Why They Got It: The supporting cast of Hook was almost entirely comprised of celebrity cameos. Phil Collins appeared as a police officer, and Glenn Close plays the unconvincingly male pirate in this clip. If you watch the movie closely, you may also notice Stan Lee as "man who saves a woman from the crocodile" and Dane Cook as Wendy.
How it Went: Crosby reportedly spent a month on the set to film this sequence, in which he is essentially indistinguishable. Do you realize how many women he could have impregnated with that much down time?
Most Memorable Moment: Right at 0:12. See the hooked index finger? The third from the left? That' the finger that played "Suite: Judy Blue Eyes," man!
The Cameos: Alfred Hitchcock appeared in every one of his 37 full-length feature films, often for less than a second. It was considered a tasteful and humorous signature for devoted fans of his brand of horror/suspense. M. Night Shyamalan is kind of like that, except he puts his name in a larger font than the movie title, inflicts his "acting" on us for minutes at a time, and makes far, far shittier movies.
Why They Got It: It' getting harder and harder to find more than three actors who will appear in an M. Night Shyamalan movie.
How it Went: The hardest part was just getting through a take, considering that Shyamalan compulsively masturbates whenever he catches a glimpse of himself in a reflective surface.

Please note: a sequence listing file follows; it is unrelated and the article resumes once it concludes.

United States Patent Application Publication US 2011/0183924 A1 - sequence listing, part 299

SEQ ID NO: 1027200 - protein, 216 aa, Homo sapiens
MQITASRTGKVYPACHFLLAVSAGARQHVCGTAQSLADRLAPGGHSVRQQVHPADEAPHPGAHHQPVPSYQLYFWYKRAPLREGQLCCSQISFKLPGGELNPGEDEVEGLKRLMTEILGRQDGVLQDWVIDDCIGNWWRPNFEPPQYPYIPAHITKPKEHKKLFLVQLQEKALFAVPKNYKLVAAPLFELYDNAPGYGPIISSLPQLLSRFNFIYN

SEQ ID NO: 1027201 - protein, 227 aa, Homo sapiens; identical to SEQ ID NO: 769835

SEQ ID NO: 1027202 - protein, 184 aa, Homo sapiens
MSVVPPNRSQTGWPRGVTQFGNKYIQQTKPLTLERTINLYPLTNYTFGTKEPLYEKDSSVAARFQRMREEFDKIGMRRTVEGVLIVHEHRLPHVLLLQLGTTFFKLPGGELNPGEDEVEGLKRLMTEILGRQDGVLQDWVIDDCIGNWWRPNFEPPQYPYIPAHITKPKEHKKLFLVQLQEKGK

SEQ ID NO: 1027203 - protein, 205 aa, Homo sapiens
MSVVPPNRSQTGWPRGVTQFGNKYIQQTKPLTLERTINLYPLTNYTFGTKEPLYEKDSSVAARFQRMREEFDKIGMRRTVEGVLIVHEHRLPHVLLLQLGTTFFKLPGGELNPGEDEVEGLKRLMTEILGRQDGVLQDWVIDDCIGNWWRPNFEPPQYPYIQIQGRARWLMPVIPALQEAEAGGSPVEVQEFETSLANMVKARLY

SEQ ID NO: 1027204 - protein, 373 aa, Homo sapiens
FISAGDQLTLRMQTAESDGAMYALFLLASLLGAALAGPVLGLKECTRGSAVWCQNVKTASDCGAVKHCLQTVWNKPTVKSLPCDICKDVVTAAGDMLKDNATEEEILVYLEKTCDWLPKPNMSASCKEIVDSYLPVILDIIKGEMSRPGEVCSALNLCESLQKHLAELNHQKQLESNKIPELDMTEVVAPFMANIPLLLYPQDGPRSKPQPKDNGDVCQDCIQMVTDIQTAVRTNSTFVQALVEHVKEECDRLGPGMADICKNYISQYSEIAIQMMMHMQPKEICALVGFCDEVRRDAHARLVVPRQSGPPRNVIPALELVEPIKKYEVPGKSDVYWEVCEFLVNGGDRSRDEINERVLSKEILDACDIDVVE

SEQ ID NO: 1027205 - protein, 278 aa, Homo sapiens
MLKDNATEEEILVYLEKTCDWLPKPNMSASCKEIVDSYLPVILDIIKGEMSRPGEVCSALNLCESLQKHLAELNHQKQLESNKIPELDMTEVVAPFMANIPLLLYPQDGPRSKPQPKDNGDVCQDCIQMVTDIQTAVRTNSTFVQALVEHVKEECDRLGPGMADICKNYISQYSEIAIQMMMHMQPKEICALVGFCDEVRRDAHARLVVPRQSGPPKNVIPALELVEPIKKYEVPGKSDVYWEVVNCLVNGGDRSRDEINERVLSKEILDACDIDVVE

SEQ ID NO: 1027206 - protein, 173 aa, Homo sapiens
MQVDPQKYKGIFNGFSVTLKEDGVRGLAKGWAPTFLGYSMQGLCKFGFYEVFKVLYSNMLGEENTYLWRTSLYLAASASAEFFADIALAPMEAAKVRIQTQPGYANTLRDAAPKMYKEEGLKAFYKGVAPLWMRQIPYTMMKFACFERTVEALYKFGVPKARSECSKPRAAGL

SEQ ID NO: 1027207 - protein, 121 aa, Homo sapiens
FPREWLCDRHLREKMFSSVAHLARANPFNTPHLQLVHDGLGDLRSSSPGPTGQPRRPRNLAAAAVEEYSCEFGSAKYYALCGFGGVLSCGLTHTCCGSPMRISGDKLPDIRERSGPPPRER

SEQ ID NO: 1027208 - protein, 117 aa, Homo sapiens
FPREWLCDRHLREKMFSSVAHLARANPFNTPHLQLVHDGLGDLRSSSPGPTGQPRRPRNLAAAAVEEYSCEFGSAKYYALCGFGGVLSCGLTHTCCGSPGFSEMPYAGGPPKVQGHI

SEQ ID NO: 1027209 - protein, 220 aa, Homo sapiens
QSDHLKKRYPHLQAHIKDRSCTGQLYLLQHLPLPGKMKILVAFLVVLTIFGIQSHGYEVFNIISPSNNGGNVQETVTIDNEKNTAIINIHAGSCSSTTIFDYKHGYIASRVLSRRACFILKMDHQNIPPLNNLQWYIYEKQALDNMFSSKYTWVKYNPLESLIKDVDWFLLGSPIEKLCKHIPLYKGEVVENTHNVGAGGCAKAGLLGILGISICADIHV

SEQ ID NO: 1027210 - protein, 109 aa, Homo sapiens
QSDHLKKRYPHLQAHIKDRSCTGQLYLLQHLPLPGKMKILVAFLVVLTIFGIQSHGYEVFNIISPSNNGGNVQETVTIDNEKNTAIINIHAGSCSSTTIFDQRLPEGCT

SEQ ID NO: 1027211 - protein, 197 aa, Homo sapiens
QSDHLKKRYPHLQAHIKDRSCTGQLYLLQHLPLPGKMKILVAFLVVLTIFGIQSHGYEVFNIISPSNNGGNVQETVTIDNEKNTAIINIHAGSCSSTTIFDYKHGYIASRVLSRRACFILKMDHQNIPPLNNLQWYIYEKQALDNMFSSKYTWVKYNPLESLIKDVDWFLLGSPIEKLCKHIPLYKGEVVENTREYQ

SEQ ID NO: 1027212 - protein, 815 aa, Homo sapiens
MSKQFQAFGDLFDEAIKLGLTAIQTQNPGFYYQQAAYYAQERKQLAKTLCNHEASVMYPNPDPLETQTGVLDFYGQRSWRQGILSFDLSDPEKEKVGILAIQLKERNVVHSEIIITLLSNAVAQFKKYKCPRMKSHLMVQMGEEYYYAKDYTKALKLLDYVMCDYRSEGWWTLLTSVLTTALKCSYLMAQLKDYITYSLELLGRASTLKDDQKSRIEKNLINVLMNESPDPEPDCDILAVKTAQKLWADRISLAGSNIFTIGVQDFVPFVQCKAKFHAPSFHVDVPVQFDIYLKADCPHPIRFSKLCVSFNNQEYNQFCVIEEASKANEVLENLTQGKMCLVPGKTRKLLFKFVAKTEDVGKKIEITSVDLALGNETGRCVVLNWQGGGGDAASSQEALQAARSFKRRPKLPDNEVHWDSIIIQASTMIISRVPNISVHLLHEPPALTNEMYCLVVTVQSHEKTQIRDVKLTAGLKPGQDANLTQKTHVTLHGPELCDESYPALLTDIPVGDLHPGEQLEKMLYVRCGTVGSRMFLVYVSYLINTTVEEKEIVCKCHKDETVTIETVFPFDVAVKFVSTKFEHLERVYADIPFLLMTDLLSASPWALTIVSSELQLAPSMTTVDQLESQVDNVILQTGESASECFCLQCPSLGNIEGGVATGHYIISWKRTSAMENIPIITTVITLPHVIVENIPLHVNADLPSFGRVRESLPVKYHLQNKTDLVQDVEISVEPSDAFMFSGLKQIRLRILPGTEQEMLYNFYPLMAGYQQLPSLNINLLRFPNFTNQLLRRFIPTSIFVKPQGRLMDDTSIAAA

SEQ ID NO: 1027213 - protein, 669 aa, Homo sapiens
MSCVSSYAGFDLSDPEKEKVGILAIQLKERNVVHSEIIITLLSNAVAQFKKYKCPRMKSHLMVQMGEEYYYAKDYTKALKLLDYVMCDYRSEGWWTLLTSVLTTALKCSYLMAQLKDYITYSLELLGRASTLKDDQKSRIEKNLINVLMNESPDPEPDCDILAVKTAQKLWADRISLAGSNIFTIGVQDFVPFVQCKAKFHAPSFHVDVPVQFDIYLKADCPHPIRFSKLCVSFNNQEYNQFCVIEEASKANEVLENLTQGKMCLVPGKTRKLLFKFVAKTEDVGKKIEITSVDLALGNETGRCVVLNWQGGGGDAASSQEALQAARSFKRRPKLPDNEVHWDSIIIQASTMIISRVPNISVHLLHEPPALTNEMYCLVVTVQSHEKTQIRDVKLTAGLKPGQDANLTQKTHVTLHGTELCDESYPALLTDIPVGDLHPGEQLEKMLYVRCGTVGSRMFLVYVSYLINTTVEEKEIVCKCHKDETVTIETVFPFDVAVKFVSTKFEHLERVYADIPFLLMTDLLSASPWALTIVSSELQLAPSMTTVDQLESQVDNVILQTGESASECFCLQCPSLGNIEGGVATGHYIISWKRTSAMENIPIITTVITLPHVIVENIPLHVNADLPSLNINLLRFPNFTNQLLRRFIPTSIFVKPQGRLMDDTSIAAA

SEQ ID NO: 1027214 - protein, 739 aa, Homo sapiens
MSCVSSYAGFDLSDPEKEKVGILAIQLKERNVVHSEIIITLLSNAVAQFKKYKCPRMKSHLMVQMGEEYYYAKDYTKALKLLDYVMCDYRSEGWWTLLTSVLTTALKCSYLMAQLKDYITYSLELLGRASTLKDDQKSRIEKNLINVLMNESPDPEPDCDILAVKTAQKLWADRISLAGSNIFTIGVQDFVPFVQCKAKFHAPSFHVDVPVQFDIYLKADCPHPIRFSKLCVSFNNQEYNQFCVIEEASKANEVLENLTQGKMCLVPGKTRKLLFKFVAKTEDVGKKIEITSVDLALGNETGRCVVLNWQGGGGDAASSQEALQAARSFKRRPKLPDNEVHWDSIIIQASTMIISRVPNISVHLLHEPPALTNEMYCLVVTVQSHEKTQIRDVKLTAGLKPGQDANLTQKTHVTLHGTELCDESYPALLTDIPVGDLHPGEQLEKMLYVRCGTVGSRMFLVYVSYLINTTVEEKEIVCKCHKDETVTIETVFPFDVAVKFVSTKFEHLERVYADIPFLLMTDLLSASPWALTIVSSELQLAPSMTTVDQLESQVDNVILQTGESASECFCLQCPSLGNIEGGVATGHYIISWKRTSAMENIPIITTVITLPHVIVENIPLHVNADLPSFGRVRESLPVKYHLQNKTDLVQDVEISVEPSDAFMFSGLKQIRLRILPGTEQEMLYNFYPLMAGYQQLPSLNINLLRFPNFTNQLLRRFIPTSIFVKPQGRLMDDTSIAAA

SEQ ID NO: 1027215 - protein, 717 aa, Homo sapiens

Most Memorable Moment: We won't bore you with his movies (he's doing a good enough job of that on his own, really), so here' a commercial Shyamalan did for American Express instead. It gives a real insight into a mind filled with overdone Sci-Fi Channel movie premises. Then, surprise, surprise, Shyamalan is accosted by an adoring fan, clearly the hardest working actor in the whole thing.
The Cameo: Two respected but wildly divergent musicians dine with Ricky Bobby' pseudo-French racing nemesis Jean Girard to make him come off as just that much weirder. And, it works.
Why They Got It: Word has it they were on the lot recording a video for their new cover of "Ebony and Ivory" when Nights writer/director Adam McKay burst in and asked if they wanted to make 100 bucks each. After it was established that he wasn't propositioning them for alley sex, they happily agreed.
How it Went: The bulk of the cameo wasn't shown in theatres, but below you can watch the scene in its entirety, exclusively at CRACKED.com (unless you own a DVD player or have access to the Internet).
Most Memorable Moment: About 1:05, when Mos Def improvises a rambling monologue before finishing with his best impression of a white southerner, all while Elvis nods uncomfortably in the background. Hey everyone, looks like we've got a new Kanye West/Mike Myers on our hands!
The Cameo: Rod Tidwell, feisty football player, struggles against all odds and finally leads his team to Super Bowl victory, and his son to a victory against his leukemia. Cruise, his agent, speaks on the phone with him occasionally.
Why They Got It: The same way Travolta got Saturday Night Fever: Scientologist connections.
How it Went: Cruise performs remarkably well for a non actor. At times, his grotesquely exaggerated looks of confusion and broad, charming grins almost make him seem not entirely like an android sent to observe and then crudely mimic humans.
Most Memorable Moment: 1:13, when Cruise gives what looks to be a natural laugh. The startlingly life-like effect was achieved by cutting the audio track and then squeezing one of Cruise' testicles with a C-clamp.